May 1, 2013 6:50 pm
Updated: May 1, 2013 11:56 pm

UPDATE: Government pursuing union to cover costs of wildcat strike


EDMONTON – Premier Alison Redford says the government will file a claim to have the Alberta Union of Provincial Employees (AUPE) cover the costs associated with the strike, which the province estimates is $1.3 million per day.

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“We’ve been calculating costs based on having to contract police officers and RCMP and other service providers above and beyond our operating budget, and our expectation is that ‘s to the tune of about $1.3 million a day since this illegal strike started, and very clearly that’s the reason that we believe that we can pursue costs,” said Redford Wednesday morning.

She added the province won’t file the full application until it’s calculated the cost of the five day strike.

“It is the government’s view that the taxpayer should not be on the hook for the illegal actions of the union,” stressed Justice Minister Jonathan Denis. “We fully intend to pursue a grievance through an arbitrative process that is handled through the contract that we have with the union.”

He explained the government will immediately begin the process set out by the collective bargaining agreement with the union.

“We not only hope that the union will pay, we insist that the union will pay for the cost that they’ve put onto taxpayers.”

In addition, the Public Service Commissioner has filed a notice of intention to suspend the collection of union dues and fees by the AUPE executive.

“That was filed during the actual strike,” said Denis. “We fully intend to pursue that action as well.”

“It’s a separate remedy that we’re entitled to claim during a labour action,” explained Redford.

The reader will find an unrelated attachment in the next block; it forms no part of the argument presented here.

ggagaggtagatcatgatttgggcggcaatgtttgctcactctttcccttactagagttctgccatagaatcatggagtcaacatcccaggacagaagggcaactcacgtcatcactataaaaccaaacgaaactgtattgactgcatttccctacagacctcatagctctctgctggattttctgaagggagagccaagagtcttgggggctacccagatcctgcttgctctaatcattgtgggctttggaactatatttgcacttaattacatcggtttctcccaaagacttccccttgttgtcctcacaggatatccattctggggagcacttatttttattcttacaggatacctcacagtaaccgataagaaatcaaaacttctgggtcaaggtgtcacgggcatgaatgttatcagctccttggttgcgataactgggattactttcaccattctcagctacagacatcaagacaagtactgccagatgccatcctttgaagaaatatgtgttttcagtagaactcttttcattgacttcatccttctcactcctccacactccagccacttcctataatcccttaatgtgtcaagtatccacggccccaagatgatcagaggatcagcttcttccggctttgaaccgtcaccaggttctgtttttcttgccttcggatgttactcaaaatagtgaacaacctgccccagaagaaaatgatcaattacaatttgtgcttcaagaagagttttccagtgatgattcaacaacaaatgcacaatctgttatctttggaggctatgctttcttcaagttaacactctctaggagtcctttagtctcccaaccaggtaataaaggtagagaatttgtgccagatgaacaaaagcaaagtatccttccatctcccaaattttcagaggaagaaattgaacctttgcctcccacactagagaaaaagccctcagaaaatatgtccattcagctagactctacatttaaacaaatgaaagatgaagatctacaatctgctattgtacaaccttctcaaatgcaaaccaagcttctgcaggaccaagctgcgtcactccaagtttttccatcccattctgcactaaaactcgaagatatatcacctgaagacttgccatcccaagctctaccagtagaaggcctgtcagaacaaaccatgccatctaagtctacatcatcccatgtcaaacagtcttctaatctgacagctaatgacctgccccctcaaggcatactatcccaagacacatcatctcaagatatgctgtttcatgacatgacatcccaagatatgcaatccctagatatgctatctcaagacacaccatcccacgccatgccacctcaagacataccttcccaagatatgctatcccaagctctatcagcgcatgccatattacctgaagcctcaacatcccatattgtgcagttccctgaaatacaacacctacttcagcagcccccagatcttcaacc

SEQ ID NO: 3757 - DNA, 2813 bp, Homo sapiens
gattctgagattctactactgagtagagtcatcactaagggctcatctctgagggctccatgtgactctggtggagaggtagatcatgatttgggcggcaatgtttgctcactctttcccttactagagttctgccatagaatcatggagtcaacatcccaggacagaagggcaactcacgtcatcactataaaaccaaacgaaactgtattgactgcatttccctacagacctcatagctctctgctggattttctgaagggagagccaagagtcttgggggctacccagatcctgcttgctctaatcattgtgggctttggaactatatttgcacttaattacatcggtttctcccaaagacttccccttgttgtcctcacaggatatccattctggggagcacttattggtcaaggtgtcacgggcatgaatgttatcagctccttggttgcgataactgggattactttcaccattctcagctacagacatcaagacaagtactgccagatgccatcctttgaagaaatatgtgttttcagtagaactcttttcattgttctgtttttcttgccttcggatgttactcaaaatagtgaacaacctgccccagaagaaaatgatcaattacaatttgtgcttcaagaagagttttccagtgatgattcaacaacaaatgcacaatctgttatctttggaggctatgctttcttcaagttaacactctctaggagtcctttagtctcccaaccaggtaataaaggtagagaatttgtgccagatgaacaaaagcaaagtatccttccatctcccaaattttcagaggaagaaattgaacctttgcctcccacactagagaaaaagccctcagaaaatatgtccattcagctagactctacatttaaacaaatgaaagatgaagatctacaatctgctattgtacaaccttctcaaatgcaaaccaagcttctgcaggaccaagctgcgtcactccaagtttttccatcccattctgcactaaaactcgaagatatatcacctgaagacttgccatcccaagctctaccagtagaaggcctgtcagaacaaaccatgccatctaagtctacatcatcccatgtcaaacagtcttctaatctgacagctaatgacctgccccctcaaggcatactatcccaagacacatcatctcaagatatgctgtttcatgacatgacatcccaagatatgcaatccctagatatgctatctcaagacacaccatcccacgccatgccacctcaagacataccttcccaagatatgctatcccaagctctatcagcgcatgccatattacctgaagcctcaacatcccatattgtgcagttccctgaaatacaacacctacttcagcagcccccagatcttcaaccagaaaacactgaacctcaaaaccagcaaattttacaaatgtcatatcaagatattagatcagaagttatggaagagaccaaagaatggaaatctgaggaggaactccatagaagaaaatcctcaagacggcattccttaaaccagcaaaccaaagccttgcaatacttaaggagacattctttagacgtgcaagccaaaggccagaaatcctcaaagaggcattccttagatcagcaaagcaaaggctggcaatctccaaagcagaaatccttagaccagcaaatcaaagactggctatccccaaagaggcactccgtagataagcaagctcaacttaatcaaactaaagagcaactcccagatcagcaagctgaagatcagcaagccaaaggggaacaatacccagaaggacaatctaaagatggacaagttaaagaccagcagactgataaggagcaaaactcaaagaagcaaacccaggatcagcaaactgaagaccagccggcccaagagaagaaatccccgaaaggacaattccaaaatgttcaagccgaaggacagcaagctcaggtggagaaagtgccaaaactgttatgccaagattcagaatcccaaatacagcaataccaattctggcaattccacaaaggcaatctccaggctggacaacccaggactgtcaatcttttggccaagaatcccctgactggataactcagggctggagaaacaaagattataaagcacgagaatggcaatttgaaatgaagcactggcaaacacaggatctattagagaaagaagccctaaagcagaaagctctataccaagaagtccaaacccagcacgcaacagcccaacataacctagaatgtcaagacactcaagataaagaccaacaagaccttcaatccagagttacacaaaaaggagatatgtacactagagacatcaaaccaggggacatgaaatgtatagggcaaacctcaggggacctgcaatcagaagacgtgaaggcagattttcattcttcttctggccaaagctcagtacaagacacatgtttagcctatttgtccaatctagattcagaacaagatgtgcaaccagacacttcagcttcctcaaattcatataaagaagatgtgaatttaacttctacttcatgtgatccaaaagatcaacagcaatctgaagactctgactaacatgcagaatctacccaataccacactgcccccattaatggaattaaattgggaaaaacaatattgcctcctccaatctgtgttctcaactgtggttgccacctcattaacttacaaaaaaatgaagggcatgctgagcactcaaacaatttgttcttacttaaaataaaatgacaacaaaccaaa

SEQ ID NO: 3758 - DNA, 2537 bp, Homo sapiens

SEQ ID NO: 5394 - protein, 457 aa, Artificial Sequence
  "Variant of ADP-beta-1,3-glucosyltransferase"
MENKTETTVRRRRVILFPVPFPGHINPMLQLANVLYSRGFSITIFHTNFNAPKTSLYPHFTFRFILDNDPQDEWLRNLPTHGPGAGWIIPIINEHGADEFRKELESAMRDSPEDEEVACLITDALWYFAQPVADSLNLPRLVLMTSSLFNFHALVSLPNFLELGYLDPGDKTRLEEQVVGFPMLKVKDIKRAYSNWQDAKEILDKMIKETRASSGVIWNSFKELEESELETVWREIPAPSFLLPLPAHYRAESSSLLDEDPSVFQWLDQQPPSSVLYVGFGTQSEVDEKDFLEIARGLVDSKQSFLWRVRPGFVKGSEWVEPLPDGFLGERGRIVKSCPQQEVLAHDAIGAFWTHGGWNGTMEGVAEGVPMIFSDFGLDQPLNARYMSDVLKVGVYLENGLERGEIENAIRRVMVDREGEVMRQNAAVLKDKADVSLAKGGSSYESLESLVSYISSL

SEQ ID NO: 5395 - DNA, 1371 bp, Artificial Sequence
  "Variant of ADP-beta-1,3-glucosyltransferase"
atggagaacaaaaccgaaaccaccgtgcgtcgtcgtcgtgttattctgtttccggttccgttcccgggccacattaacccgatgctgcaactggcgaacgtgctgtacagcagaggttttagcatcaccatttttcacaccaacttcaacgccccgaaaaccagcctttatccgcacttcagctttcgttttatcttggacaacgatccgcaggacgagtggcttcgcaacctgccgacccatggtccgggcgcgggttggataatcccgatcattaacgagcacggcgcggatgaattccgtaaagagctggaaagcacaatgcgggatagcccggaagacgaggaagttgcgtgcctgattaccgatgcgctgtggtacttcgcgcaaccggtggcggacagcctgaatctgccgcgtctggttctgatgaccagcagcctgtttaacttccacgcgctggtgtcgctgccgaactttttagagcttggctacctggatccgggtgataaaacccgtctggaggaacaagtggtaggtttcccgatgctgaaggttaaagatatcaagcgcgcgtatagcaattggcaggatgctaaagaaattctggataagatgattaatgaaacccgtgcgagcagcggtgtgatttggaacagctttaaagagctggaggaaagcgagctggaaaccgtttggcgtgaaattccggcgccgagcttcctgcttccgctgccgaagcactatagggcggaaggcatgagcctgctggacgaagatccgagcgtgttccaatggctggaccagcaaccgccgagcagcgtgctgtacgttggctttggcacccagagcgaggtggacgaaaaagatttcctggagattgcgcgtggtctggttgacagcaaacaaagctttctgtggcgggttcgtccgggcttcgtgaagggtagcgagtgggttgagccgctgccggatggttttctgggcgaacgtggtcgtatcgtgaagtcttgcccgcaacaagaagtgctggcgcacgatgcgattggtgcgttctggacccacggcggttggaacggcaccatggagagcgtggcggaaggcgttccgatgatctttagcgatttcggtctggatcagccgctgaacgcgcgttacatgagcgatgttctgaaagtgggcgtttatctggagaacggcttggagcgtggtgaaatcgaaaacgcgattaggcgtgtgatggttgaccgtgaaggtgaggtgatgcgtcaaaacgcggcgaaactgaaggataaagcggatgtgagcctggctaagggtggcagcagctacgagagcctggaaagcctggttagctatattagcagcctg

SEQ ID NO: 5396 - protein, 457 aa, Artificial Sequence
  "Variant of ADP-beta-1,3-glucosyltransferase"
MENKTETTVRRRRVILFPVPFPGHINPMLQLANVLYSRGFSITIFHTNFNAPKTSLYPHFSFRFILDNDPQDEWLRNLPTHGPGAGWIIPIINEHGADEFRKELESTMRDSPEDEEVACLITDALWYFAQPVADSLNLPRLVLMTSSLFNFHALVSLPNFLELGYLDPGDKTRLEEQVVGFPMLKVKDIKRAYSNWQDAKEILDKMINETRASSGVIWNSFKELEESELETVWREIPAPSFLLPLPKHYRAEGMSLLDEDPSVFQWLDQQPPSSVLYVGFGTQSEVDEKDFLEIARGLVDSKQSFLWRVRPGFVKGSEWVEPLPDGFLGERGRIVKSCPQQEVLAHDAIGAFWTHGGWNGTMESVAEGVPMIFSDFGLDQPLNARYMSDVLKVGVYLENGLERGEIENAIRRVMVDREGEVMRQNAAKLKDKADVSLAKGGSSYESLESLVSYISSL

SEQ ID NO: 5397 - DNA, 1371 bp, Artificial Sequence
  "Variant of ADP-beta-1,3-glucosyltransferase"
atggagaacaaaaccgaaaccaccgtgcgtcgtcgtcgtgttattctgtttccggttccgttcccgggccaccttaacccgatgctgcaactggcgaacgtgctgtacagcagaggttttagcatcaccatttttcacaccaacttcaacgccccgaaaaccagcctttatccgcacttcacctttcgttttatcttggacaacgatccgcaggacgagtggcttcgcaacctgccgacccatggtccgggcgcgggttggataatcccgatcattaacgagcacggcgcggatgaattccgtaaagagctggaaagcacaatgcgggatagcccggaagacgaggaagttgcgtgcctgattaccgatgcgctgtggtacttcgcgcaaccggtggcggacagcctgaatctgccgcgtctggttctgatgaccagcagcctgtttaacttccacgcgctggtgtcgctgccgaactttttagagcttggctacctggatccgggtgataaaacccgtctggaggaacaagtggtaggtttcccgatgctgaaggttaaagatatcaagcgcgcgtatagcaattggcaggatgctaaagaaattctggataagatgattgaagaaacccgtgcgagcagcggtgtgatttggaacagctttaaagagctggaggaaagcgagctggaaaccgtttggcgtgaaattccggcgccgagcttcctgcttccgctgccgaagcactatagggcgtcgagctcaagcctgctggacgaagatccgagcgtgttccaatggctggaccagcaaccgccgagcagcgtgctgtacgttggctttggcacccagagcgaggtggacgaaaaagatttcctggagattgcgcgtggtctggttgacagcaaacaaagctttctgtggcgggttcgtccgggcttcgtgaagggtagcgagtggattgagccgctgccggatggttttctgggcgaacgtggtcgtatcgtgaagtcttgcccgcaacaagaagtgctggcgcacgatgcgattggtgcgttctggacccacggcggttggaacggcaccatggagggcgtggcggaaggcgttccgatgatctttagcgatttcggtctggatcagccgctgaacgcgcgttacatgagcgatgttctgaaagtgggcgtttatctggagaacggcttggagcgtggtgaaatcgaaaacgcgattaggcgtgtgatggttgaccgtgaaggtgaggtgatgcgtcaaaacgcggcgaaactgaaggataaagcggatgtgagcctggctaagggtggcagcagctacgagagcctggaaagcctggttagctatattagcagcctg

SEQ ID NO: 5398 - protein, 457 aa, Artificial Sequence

The notice, sent by Public Service Commissioner Dwight Dibben, states that because the Alberta Labour Relations Board found that AUPE members were involved in an illegal strike, the province intends to “suspend the deduction and remittance of union dues, assessments  or other fees owing to the Union by the employees of the Crown in right of the Province of Alberta for a period of six months commencing April 28, 2013.”

(The full notice is posted below)

Wednesday afternoon, the AUPE issued a statement addressing the notice of intent.

“Today, my number one priority is ensuring that our members and management employees alike understand the commitment made to the union, then confirmed in public comments made by Deputy Premier Thomas Lukaszuk, Solicitor General and Justice Minister Jonathon Denis, and Deputy Solicitor General Tim Grant that there would be no retribution against individual union members for the recent strike related activities,” said AUPE president Guy Smith.

Late Wednesday evening, the AUPE released another statement, in which Smith said he’s “furious” because Grant is telling the public one thing, and his members another.

“The promise of no retribution for strike activity was repeated by Deputy Solicitor General Tim Grant in a news conference yesterday,” Smith said. “This morning in muster Correctional Peace Officers at the Edmonton Remand Centre were told by Deputy Solicitor General Tim Grant that they weren’t protected under the amnesty deal he promised yesterday, and there was no new process to deal with their safety concerns.”